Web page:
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Latest from Sandra Parrish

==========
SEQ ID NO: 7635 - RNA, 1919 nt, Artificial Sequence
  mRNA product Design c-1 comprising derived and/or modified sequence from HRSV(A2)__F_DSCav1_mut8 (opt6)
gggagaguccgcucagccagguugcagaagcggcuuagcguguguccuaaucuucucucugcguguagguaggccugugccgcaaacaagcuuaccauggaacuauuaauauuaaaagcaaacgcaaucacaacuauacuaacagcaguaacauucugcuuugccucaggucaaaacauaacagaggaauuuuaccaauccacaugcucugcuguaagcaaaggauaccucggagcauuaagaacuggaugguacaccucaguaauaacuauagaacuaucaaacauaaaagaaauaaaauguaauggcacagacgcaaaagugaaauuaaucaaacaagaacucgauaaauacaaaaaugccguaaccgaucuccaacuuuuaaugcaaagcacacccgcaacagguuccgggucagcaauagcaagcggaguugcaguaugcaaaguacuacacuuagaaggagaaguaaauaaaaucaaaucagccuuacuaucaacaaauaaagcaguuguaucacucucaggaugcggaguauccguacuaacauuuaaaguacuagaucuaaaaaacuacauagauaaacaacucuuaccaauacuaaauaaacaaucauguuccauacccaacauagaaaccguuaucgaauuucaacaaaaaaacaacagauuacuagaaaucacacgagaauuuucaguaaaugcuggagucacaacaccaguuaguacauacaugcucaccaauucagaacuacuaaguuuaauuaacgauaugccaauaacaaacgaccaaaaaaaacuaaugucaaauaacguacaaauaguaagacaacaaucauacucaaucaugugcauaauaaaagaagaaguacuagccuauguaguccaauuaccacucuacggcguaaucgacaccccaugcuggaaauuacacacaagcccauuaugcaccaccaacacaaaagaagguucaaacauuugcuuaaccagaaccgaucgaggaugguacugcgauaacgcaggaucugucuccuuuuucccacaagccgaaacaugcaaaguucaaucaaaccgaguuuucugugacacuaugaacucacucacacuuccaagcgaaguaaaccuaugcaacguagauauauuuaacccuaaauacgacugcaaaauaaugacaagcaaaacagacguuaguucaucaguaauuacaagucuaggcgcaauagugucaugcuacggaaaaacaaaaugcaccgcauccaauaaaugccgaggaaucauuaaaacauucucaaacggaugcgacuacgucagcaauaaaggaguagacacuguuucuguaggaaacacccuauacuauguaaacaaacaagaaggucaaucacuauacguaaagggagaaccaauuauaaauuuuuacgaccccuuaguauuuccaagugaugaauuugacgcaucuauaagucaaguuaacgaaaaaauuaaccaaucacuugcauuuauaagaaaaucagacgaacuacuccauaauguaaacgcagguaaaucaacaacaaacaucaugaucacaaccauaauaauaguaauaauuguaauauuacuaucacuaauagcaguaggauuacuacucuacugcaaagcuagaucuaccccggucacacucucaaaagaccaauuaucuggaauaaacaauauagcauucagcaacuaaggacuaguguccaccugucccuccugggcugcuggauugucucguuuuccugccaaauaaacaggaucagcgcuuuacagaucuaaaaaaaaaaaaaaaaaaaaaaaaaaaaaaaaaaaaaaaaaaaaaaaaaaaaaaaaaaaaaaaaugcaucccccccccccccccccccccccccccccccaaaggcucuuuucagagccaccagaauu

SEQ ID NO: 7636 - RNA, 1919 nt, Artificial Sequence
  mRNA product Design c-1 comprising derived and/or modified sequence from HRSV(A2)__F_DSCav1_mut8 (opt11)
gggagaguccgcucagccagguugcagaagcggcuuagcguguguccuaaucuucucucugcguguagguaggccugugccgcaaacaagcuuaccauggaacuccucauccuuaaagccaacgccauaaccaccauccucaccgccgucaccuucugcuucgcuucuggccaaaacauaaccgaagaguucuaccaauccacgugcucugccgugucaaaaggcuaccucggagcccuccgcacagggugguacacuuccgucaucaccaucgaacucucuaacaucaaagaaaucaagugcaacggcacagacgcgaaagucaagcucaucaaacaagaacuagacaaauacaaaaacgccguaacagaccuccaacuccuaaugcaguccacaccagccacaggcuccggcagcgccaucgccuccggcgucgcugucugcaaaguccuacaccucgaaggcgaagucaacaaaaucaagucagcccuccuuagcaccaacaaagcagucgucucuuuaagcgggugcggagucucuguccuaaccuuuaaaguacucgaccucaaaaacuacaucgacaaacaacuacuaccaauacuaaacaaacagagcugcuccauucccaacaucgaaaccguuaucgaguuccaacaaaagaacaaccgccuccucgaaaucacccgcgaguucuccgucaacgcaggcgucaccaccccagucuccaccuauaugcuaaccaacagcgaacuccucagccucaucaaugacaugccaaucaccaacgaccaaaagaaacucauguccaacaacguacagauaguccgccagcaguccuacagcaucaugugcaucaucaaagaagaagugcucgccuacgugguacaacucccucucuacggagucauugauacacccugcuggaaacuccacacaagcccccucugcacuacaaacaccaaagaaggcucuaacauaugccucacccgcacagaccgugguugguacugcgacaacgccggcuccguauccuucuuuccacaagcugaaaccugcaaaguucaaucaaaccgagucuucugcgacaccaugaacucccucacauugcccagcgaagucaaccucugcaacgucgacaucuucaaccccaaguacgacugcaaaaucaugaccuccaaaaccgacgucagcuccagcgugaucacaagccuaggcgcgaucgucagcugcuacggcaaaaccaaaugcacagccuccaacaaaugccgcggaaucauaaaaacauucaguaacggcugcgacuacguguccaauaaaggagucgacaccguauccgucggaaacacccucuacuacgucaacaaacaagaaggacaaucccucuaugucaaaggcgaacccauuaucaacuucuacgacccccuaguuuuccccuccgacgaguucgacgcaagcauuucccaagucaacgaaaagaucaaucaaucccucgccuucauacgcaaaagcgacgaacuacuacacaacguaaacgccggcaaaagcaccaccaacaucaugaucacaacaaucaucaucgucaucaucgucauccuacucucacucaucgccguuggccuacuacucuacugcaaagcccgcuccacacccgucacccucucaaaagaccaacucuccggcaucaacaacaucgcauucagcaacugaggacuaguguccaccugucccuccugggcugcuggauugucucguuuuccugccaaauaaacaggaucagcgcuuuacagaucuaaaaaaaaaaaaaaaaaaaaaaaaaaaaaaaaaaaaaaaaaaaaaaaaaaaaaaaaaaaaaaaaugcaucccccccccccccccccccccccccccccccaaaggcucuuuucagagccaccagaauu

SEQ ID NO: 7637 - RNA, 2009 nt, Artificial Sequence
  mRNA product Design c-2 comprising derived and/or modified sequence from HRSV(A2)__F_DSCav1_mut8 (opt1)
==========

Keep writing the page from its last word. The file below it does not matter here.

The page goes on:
One of the biggest tourist towns in North Georgia becomes the latest to pass restrictions on short term rentals like those through Airbnb and VRBO.  The council vote 4-1 last week to ban short term rentals inside the city limits except those within the Central Business District and those with a commercial zoning. Rentals in unincorporated Fannin County are not affected.  “We’ve had concerns and we’ve had a few folks that wonder about why there’s so much traffic in and out of some of the homes. That’s how we’ve actually discovered there’s some nightly rentals in those places,” Mayor Donna Whitener tells WSB’s Sandra Parrish.  Current rentals that have been paying sales tax to the city for 12 consecutive months would be grandfathered in and other homes could go before the city to seek a variance to allow it.  >>LISTEN TO SANDRA PARRISH’S FULL REPORT BELOW. Homeowners like Richard Arnold complain it takes away the rights of property owners. He manages several Airbnb rentals and worries about the affect it will have on those owners’ ability to sell in the future.  “They can continue to rent their property because they’re grandfathered in because they’ve paid their city lodging taxes. But it affects their ability to be able to sell their property to someone who wants to do the same thing,” he says.  Pam O’Dell who runs the Short Term Rental Owners Association of Georgia expects it to having chilling effect on investors and tourism. She believes investors will no longer want to buy and renovate homes in the downtown area to use as rentals.  “A lot of people love downtown Blue Ridge. It is a pretty place and many people in the downtown area have worked long and hard to make it that way. That’s what attracts people. And if you have no place to stay, that’s an issue,” she says.  Whitener has until the end of this week to sign the ordinance or veto parts of it, which she says it likely.  “We’re not trying to cause anyone a hardship, but we also want to protect our residents. We do have residents with major concerns. They want to know who their neighbors are,” she says.